Today I got as far as I could with the Vertical Stabilizer. Started off with some help from my daughter riveting the first few pieces of the rear spar. Below is a timelapse of me incorrectly attaching the rudder stops to both hinge brackets. In my joy and excitement, I once again though I knew what was being asked, but I didn’t think it through. I ended up drilling it all out and fixing it later. I was happy to have my daughter helping me out so wanted to share. (For those that are curious, the rudder stops should only be attached to ONE hinge bracket, not riveted between both of them. I knew the rivets didn’t look long enough)
One of the changes I was looking to do was to add a conduit to the top of my Vertical Stabilizer so I can add in a camera. (Details to come as I start to bench test some ideas). Based on posts by both Mouser and Damazio, I don’t feel like what I’m trying to do is really “off the wall”.
I fabricated and installed my doubler plate, and went ahead and drilled a hole for a single conduit to the top of the VS. At first I was thinking of getting fancy connectors and buying more stuff, but decided that simple (and lighter) was the way to go. Funny enough my order of conduit from VANS arrived just as I was starting to do my final assembly so I was able to verify that I did everything right. Only thing that I’m currently waiting for is the Panduit Lightening hole mounts so I can start putting the skin on.
At this point I have my skeleton clecoed together and rivets installed where indicated in the directions. Next weekend I’ll be able to install the Panduit mounts and start putting the skin on. Until then, it’s on to the Rudder.
The first few steps for the Rudder are cutting a bunch of parts and cleaning them up. Once again I’m probably overthinking it, but I’m spending a lot of time cleaning up each part and removing any sharp edges.
My bandsaw wasn’t large enough for me to cut some of the parts, so I ended up using the left and right aviation snips. Honestly they work fine and after using the belt sander to clean off the edges (and square them up), all the parts look great. To deburr the edges, I finally broke out the 6″ scotchbright wheel on my bench grinder. After mixed success using it for my practice project, I finally decided to remove the “safety cage” to give me better access to the wheel with those long parts. I’m sure this isn’t the best way to use the bench grinder, but it works for me.
After getting the kids to bed, another 1.5 hours working on page 7-4, Steps 1-3. Didn’t have enough time to start deburring and cleaning up the rudder spar, so I’ll have to work on that tomorrow. All in all good progress today!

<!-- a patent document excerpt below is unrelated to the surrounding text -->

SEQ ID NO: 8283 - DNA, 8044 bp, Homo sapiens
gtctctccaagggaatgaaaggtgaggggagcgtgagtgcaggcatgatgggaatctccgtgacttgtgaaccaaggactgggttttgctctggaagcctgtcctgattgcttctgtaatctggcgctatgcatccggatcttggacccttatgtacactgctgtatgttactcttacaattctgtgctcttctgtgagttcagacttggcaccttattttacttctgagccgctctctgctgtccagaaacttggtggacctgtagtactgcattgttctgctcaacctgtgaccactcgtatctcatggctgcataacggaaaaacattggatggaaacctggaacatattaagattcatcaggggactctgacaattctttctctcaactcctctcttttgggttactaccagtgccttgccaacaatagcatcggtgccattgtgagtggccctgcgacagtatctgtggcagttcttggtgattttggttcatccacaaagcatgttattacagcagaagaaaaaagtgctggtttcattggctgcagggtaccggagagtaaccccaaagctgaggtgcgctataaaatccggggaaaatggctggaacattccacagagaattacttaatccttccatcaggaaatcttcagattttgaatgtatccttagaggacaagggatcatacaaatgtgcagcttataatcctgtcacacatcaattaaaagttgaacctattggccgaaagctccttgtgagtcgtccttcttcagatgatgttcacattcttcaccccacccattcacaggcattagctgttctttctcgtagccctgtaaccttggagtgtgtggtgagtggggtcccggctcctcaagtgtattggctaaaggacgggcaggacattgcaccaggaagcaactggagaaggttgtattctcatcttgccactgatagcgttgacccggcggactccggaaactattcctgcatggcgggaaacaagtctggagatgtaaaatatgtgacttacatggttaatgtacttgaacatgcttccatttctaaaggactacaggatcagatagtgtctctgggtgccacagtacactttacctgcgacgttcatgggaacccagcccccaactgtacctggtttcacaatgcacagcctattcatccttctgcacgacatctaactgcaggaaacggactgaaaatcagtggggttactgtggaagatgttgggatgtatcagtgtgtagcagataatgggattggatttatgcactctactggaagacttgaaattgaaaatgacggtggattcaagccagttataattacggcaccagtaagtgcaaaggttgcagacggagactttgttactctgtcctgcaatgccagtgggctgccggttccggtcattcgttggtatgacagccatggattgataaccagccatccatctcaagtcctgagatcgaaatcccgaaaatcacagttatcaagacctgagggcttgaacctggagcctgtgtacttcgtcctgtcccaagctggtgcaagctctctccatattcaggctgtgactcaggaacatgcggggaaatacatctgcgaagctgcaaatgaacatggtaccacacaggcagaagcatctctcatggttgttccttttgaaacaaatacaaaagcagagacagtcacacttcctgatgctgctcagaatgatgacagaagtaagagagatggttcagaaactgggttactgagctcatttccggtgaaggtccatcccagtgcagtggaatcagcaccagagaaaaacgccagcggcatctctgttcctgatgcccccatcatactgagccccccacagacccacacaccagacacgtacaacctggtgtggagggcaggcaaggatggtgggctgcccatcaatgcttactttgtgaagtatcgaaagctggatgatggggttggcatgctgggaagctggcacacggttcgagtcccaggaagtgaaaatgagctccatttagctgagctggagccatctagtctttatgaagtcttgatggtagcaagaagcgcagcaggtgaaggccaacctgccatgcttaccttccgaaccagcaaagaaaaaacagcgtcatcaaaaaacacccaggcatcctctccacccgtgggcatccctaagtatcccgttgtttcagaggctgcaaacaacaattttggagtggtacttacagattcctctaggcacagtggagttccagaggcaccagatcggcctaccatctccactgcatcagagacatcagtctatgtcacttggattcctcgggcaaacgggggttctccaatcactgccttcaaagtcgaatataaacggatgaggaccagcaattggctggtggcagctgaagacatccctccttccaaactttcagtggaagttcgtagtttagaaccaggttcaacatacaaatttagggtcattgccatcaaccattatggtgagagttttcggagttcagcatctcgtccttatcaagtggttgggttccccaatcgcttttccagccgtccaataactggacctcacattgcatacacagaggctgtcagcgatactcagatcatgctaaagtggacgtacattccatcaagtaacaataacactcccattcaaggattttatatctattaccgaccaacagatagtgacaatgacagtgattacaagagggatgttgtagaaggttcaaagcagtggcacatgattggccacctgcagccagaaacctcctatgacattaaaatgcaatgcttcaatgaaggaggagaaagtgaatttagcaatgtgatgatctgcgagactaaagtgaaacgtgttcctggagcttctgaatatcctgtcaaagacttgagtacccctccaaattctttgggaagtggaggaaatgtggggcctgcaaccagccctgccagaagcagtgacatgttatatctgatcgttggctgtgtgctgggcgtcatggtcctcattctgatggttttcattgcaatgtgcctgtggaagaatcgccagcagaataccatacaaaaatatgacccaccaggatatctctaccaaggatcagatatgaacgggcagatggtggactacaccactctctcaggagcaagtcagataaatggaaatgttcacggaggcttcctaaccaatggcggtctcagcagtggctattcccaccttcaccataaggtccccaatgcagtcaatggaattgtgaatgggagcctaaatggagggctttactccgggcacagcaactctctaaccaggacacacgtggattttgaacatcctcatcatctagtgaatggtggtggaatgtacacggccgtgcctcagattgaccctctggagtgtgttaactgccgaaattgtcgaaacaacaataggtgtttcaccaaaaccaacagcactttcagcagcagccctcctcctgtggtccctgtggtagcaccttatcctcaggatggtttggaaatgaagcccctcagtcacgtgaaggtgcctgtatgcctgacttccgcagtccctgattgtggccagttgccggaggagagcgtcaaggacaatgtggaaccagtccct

Another productive day in the Garage. With great weather outside, I was able to spend time working while my girls were out playing in the yard.
With most of the rudder components fabricated, it was time to start assembling the rudder so I could final drill everything. Got the skeleton assembled, then added the skins and it started to look like a rudder!
Because this is a control surface, you need to take a little longer to ensure you are not adding a twist into the part. This requires a more measured approach to match drilling and adding clecos for EVERY hole along the spare (and trailing edge). This is a lot of clecos and it towards the end of the day my arms and hands were quite sore.
With the drilling done, it’s time to take everything apart and start to deburr everything. By the end of the day, I had completed all of the deburring except for the skins. Tomorrow I’m planning to put the bend on the trailing edge using the edge forming tool (hopefully without messing it up). Not sure when I’ll have enough time to clean and prime the parts. This may not happen until Saturday, so I’ll have to figure out if I’ll start the first few steps of the next section, or if I’ll just put my toys away for a few days.
This week was basically back to “normal”. I spent a total of about an hour working on the RV and really only was able to put the bend on the trailing edge of my rudder skins using the Cleaveland Edge Forming tool. No need for me to show you how it works as they have a great tutorial video on their site. I didn’t use this when I was doing my Practice kit, so we’ll see how it looks when I get the rudder attached. Speaking of the rudder, I had been doing some research and getting ready for this weekend and purchased some Proseal in anticipation of needing it. HOWEVER: it seems that with the newer RV14’s the guidance has been to use some 3M adhesive tape. While not called out in the plans, the description on Vans Website is very interesting
3M F9460PC Tape
Double Sided for Construction
Used for control surface trailing edge assemblies (replaces the older tank sealant method).
1 roll (1/2″ x 60 yards) will suffice for a complete airplane, even the RV-10.